Kenn Borek Air crew says South Pole rescue mission 'just got away in time' before blizzard hit

The flight crew that rescued two sick workers at a research station at the South Pole last month described the successful mission as a tightly timed operation that had to take into account blizzards and –60 C temperatures.

Calgary-based company orchestrated pickup last month of 2 sick workers from Antarctica

Watch footage from the medevac rescue in Antarctica

6 years ago
Duration 0:29
The Kenn Borek Air team made the perilous 10-hour journey from Chile to Rothera, Antarctica in order to transport two sick people to a hospital.

The flight crew that rescued two sick workers from a research station at the South Pole last month described the successful mission as a tightly timed operation that had to take into account blizzards and –60 C temperatures. 

The Calgary-based Kenn Borek Air team made the perilous 10-hour journey last month from Chile to Rothera, Antarctica, in two Twin Otter planes.

  • See their rescue route at the bottom of this story

One of the planes then travelled another 2,400 kilometres to the U.S. National Science Foundation's Amundsen-Scott Research station at the South Pole to pick up two people who needed to be taken to hospital.

Pilot Wally Dobchuk said that after a blizzard held the team up in Chile for two days, the weather began to co-operate.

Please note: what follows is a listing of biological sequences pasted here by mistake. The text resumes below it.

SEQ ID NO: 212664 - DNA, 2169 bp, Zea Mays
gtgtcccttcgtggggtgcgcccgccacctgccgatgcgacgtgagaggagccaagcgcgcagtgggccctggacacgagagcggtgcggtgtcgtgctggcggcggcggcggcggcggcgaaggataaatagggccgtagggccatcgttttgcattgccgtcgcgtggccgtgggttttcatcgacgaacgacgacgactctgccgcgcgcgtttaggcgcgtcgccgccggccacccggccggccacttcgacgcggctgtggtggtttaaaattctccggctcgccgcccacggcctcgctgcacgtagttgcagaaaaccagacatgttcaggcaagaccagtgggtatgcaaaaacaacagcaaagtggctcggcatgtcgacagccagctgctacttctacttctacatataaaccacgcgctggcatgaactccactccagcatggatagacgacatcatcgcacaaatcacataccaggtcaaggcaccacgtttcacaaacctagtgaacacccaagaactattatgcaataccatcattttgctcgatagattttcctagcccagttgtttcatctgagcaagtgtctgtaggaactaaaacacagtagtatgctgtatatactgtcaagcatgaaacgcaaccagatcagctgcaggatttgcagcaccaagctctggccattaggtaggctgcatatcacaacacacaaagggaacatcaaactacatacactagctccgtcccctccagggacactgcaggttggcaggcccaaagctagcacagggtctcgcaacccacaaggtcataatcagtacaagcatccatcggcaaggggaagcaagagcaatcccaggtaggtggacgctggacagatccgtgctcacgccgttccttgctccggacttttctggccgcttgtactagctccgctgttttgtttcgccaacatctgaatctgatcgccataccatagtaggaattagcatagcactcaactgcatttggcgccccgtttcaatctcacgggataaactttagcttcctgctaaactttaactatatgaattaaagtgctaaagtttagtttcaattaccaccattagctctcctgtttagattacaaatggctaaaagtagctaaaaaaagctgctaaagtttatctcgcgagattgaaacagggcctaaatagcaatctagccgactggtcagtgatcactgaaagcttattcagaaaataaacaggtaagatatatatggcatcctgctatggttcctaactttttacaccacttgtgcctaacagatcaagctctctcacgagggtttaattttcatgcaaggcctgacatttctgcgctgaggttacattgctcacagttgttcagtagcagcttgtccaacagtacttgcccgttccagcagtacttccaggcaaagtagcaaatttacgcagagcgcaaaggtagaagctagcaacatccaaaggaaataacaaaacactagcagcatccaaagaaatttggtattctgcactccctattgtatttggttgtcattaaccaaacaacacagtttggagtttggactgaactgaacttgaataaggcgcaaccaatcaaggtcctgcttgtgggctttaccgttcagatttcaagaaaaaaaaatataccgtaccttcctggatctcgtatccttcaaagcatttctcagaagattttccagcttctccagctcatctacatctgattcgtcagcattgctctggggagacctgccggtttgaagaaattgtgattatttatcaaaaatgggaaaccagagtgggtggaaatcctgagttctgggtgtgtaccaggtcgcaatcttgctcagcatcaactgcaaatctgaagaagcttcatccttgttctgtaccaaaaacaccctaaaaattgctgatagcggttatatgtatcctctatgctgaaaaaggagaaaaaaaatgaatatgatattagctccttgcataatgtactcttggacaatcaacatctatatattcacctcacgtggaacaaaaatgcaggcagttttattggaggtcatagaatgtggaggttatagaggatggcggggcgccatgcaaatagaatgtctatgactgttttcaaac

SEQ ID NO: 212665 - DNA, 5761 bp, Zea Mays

Pilot Wally Dobchuk recounts the rescue mission timeline from start to finish

6 years ago
Duration 6:47
The Calgary-based company Kenn Borek orchestrated a pickup last month of two sick workers from Antarctica in perilous weather conditions.

"It all sort of came into place for us," Dobchuk said. "Once we landed, I think everything went as planned."

When the team arrived on the Antarctic peninsula, they believed they had about 48 hours of suitable conditions to get to the South Pole research station and back, Dobchuk said. 

But the weather started to deteriorate the morning they left Rothera for the pole. "We just got away in time," he said.

After safely landing at the South Pole, the crew rested and had dinner.

"The cook, thank you very much, he cooked us a nice buffalo steak," Dobchuk said. 

The next morning, they warmed up the plane for two hours, got the two people on board and took off again to return to Rothera, he said.

Pilot Jim Haffey, who then  flew the second plane from Rothera back to Chile, said the two patients were ambulatory for that flight. 

"They seemed to be happy and alert, and kind of excited to get going," he said. 

Flights in and out of the station are usually not planned between February and October because of the extreme cold and darkness in the Antarctic at that time.

The planes used by Kenn Borek Air can operate in extremely low temperatures and land on skis. With no tarmac runway at the South Pole, the aircraft landed in darkness on compacted snow.

The Calgary company provides contractual logistical support to the foundation's Antarctic research programs.

A Twin Otter plane operated by Calgary's Kenn Borek Air left Calgary on June 14 to help rescue two people in need of medical attention from an Antarctic research facility at the South Pole. They made the 2,400-kilometre, nine-hour trip on June 21 from the British Antarctic Survey's Rothera Research Station on the Antarctic Peninsula to the Amundsen-Scott South Pole Station, rested, then returned to the British base with two patients. (CBC)